There never will be wars to end wars
Tim O Brien, a Vietnam vet, has written a book of short stories about how a young man came into that war, various stories about himself and company members within the war, and what happened, to him, and to others, later – sometimes a whole generation later.
However, that is only one way of describing this book. Which is not only a superb anti-war piece, without polemic, but a kind of meditation on that – or any – war, its brutality, but also the nobility, not, absolutely not, of war itself, or of the abstractions with which the old marshall the young to make the ultimate sacrifice, but the nobility of what might have been. The nobility of the potential of those sacrificed lives had they not been sent to die and to kill. That potential was sacrificed whether the young came back to live and breathe amongst us, holding their damage, or whether parts of them were returned in body bags.
This is a book profoundly against war. But above all, O Brien is a writer, so because the profound experience of that war is what has shaped him, this is the subject of his writing. He writes, as he tells us, a story, which is a distillation of the truth. But the story, which he tells us
is not a game. It’s a form
is there because
‘I want you to feel what I felt. I want you to know why story-truth is truer sometimes than happening-truth’
‘What stories can do, I guess, is make things present’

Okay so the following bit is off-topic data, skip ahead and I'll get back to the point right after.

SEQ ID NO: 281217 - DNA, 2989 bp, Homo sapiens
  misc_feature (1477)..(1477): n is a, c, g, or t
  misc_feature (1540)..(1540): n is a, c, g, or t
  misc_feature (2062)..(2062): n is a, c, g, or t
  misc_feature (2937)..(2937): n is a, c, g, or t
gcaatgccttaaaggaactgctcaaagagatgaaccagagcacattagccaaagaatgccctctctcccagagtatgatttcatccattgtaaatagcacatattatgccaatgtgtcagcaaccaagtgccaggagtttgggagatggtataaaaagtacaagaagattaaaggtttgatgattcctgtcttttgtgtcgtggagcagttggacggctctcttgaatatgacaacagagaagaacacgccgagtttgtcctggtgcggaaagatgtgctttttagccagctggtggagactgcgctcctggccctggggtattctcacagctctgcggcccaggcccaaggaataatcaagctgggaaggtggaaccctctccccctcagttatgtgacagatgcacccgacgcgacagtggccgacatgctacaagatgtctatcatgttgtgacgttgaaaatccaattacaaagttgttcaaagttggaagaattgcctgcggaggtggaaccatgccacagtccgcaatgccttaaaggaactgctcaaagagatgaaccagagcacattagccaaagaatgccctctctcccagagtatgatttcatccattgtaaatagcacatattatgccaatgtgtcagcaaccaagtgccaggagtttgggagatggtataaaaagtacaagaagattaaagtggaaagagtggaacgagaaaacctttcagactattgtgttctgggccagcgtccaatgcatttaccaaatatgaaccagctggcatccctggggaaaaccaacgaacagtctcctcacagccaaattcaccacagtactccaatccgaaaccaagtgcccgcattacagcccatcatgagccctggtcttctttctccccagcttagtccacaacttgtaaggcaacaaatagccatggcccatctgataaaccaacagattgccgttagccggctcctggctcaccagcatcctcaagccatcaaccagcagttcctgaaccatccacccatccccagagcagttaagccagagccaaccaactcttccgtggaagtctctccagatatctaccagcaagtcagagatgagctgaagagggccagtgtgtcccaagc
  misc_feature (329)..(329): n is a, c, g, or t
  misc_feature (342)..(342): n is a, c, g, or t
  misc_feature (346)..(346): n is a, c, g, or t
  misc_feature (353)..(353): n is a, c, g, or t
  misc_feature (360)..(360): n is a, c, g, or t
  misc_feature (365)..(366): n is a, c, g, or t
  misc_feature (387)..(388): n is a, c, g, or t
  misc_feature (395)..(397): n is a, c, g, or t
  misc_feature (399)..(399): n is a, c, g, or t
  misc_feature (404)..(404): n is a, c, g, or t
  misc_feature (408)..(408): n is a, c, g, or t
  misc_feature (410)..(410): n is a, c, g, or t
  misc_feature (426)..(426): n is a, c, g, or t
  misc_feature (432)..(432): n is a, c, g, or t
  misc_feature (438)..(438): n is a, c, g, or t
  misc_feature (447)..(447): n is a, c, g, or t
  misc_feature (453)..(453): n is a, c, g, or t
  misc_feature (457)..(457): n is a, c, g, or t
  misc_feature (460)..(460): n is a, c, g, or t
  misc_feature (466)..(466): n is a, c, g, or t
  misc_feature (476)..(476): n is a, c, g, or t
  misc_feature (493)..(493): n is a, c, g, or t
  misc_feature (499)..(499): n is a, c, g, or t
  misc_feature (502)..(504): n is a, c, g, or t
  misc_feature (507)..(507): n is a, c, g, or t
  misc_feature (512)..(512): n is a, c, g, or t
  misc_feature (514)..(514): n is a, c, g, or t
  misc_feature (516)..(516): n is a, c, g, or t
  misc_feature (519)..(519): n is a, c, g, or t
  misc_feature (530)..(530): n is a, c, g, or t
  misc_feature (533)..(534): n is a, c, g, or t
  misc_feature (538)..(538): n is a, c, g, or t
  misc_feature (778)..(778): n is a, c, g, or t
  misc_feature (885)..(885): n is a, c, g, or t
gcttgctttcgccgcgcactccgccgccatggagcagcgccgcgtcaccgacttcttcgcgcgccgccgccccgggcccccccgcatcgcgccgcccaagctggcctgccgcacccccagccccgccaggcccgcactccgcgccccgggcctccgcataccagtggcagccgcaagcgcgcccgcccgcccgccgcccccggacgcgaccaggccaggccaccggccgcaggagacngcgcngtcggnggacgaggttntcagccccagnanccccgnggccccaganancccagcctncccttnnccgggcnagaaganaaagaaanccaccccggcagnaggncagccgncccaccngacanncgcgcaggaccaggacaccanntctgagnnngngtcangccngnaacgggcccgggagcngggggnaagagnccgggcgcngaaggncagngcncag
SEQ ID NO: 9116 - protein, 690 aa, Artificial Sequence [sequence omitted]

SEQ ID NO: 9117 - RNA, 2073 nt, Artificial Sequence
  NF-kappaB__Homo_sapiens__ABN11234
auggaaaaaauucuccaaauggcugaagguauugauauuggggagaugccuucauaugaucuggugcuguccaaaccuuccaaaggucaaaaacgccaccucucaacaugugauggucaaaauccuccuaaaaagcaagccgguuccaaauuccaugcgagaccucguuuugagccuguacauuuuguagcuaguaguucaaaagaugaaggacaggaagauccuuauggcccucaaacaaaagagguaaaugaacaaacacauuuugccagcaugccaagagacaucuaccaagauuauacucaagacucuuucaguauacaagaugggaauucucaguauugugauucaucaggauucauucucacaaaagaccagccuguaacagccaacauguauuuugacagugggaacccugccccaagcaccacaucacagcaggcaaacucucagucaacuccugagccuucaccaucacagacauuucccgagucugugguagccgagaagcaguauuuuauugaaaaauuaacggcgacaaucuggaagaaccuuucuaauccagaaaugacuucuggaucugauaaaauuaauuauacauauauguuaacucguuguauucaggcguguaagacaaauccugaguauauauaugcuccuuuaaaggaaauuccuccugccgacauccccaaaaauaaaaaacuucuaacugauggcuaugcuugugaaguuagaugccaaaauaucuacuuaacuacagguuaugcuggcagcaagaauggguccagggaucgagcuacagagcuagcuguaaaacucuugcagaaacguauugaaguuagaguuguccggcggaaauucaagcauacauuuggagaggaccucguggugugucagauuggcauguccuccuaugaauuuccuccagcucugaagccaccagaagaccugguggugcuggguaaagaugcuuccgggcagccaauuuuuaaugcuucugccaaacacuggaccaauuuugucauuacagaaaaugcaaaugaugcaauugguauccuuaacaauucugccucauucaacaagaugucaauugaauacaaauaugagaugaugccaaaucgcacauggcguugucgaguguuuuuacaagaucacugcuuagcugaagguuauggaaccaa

This is a story of compassion towards the young men who were made to do things young men should not have to do. It is full of patchwork surprises. Certain horrific images become recycled, and looked at in different ways. Rather than linear progression, and not even in ‘peeling off the layers of an onion’ form, what O Brien does is to look from different angles, different viewpoints, to look immediately, to look through memory, to unpick images and put them together again in slightly changed context. It is a beautiful piece of revelation, but make no mistake, will never be able to be used by those who tell lies to young men about the nobility of what they are about to do.
‘A true war story is never moral. It does not instruct, nor encourage virtue,nor suggest morals of proper human behaviour, nor restrain men from doing the things men have always done. If a story seems moral, do not believe it.If at the end of a war story you feel uplifted, or if you feel that some small bit of rectitude has been salvaged from the larger waste, then you have been made the victim of a very old and terrible lie. There is no rectitude whatsoever. There is no virtue.’
There is absolutely no sentimentality within these pages, but there is beauty in the unflinching facing of horror.